This is a reference, I believe, to the idea that feeding feral cats leads to more feral cats. I am not sure that is true if feeding is part of a well organised TNR.

The UK is reciting the age old argument: does feeding feral cats as part of TNR work for in the interests of animal welfare and the citizens of the community. I believe that it does. The council should study this matter further and reconsider their decision.

Source: Animal lovers face fines for feeding feral cats in St Ann’s | Nottingham Post

7 thoughts on “UK City Lawmakers Demonstrate Ignorance in Banning Feeding of Feral Cats”

  1. If these feral & domestic cats walk around hungry, they will become very ill and therefore more susceptible to catching colds , FIV and many OTHER Diseases. then they will become a real health hazard to all the other cats within the colony, and possibly humans with a low immune system. Keeping them healthy and having a program in place to neuter and spay is the answer, with followup to make sure they do not develop any infections after their surgeries.
    In addition: starvation causes a very long and painful death.Suddenly denying them food if they are used to being fed by humans is an extremely cruel act.
    Eva say’s_

    • Thank you Eva. That was my first reaction. Cutting off food and leaving the colony in place means the cats will starve. As we know the word feral includes ex house pets that probably have negligible hunting skills or they may although semi wild have always relied on humans to supplement their food. Not feeding the problem won’t make them go away.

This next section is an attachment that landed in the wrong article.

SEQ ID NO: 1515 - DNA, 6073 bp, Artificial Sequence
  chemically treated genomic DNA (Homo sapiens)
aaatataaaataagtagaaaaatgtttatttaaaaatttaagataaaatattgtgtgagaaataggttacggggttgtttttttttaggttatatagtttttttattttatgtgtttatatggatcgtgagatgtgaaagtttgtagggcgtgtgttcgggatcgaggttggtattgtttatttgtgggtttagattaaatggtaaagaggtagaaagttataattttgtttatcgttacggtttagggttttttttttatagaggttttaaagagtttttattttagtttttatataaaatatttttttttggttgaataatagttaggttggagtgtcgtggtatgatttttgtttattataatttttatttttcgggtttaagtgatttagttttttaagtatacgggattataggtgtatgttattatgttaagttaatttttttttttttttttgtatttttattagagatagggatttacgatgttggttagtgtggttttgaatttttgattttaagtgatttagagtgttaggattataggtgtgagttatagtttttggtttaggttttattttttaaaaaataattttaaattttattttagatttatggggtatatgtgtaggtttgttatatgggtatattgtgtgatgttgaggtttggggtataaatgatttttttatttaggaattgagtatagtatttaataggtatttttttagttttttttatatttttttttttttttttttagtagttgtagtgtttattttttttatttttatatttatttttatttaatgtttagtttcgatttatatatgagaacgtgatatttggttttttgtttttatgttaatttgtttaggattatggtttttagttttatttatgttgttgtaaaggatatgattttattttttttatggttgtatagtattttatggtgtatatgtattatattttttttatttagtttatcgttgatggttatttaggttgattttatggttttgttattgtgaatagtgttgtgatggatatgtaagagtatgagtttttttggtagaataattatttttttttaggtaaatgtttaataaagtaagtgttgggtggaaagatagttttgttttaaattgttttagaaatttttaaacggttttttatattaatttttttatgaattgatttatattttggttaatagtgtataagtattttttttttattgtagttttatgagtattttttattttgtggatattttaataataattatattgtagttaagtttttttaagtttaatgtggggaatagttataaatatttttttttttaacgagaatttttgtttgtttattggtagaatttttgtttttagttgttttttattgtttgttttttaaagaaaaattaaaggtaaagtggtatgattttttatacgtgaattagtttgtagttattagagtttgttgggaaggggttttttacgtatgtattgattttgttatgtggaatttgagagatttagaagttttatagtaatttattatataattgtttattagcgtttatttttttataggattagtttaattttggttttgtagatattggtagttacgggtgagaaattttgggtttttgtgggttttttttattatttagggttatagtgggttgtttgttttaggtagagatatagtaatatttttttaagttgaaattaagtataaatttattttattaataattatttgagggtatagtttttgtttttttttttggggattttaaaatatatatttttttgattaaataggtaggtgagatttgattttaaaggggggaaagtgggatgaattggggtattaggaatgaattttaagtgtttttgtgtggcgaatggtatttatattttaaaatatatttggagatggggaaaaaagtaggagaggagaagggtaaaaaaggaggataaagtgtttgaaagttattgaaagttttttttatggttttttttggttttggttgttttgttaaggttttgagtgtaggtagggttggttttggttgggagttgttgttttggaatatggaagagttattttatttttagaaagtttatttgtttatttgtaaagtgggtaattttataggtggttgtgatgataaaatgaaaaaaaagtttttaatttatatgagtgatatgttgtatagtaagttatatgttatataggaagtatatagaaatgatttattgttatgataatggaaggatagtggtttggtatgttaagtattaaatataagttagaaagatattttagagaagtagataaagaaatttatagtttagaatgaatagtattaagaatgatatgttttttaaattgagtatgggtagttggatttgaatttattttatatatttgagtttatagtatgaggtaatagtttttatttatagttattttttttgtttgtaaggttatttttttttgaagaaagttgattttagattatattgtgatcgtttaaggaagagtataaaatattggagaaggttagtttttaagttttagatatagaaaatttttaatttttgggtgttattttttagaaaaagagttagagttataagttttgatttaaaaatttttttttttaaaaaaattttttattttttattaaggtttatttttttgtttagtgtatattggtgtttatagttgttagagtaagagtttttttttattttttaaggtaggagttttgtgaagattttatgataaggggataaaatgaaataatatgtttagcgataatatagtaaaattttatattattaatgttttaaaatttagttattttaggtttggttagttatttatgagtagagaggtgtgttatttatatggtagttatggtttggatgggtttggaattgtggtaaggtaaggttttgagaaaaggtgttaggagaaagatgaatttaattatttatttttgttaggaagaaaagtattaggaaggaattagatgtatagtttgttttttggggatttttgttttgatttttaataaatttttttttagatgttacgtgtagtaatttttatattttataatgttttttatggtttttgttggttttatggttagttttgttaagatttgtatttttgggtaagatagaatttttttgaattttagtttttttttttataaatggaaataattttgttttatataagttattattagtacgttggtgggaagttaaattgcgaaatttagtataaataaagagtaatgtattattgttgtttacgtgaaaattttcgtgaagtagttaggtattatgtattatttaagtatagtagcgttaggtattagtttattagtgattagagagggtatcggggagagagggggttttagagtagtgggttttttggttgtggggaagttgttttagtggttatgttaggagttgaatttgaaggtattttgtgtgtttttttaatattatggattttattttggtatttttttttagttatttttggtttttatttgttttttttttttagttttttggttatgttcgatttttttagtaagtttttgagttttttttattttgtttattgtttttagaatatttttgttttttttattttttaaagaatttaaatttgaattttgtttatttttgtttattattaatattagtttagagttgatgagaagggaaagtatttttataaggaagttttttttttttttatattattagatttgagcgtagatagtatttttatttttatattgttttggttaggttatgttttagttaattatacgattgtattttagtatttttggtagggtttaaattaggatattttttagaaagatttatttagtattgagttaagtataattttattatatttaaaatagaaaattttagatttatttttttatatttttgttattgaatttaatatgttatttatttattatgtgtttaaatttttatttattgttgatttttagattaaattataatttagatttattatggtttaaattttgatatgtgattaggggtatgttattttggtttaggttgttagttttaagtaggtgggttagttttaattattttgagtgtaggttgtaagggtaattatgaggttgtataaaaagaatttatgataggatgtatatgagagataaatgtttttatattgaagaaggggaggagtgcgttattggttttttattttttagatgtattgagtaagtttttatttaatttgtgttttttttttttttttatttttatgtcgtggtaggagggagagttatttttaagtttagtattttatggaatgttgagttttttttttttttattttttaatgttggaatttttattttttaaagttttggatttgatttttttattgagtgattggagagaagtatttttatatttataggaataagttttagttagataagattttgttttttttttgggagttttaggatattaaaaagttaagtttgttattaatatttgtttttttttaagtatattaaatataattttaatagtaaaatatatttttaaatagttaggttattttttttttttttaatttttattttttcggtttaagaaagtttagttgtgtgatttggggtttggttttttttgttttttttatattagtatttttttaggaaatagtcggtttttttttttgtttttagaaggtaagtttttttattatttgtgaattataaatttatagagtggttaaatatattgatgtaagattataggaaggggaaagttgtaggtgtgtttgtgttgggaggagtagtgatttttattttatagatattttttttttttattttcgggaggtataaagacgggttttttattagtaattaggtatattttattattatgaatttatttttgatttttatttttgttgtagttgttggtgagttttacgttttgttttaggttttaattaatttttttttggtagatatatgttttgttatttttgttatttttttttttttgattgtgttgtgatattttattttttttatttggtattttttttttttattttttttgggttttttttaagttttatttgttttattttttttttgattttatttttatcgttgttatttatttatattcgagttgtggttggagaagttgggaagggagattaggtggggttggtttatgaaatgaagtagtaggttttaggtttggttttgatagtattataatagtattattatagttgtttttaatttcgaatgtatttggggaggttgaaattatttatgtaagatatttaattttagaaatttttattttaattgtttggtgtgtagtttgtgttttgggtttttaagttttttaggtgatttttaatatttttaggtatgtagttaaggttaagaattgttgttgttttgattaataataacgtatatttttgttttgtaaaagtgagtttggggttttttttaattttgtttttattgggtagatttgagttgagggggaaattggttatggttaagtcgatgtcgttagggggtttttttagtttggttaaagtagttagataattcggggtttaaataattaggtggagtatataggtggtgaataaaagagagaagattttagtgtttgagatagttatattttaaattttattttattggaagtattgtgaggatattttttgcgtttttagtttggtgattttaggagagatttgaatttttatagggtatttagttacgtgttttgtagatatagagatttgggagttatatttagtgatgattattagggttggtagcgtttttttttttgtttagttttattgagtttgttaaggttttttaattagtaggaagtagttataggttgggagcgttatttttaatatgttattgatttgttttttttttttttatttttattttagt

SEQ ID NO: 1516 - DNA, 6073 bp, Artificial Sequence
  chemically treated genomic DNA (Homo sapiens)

2. Oh for Pete’s sweet sake! I thought the British were smarter than that. But there are stupid humans all over the world, so why should they be different.

  3. It’s Deja Vous.
    I can guess that, because ferals were uncommon for so long in the UK, there was no thought of enforcement of a feeding ban.
    But, it seems now that the UK is in the beginnings of what we went through (and, still do in many areas)some years ago.
    Caretakers had to fight constantly, attending public meetings, try to educate the ignorant, being fined, and even being jailed for some. The road to sanity is hard, but we can see some light now.
    I hope that the UK has an easier, softer path than we’ve had.

    • You are absolutely correct, Dee. It is a case of educating the city councillors. What they need is some experienced feral cat caretakers like yourself educating them as to how best to deal with feral cats. In this country, as you state, feral cats are not an issue in my opinion but for some reason they have become an issue in Nottingham, which surprises me to be honest.

  4. How about banning the feeding of the humans who refuse to alter their pets or dump them out the door and abandon them when they stop being cute little kittens or have a human caused behavior issue.
    The human race needs a TNR program.

    • Yes, I’m afraid that City Councils can be very narrowminded, small-minded, and not enlightened in their thinking. They see the cat as the problem when as you so rightly state the problem is the human. No doubt they have made no mention of how to tackle the root cause of the problem, the human, who is careless in looking after their cats.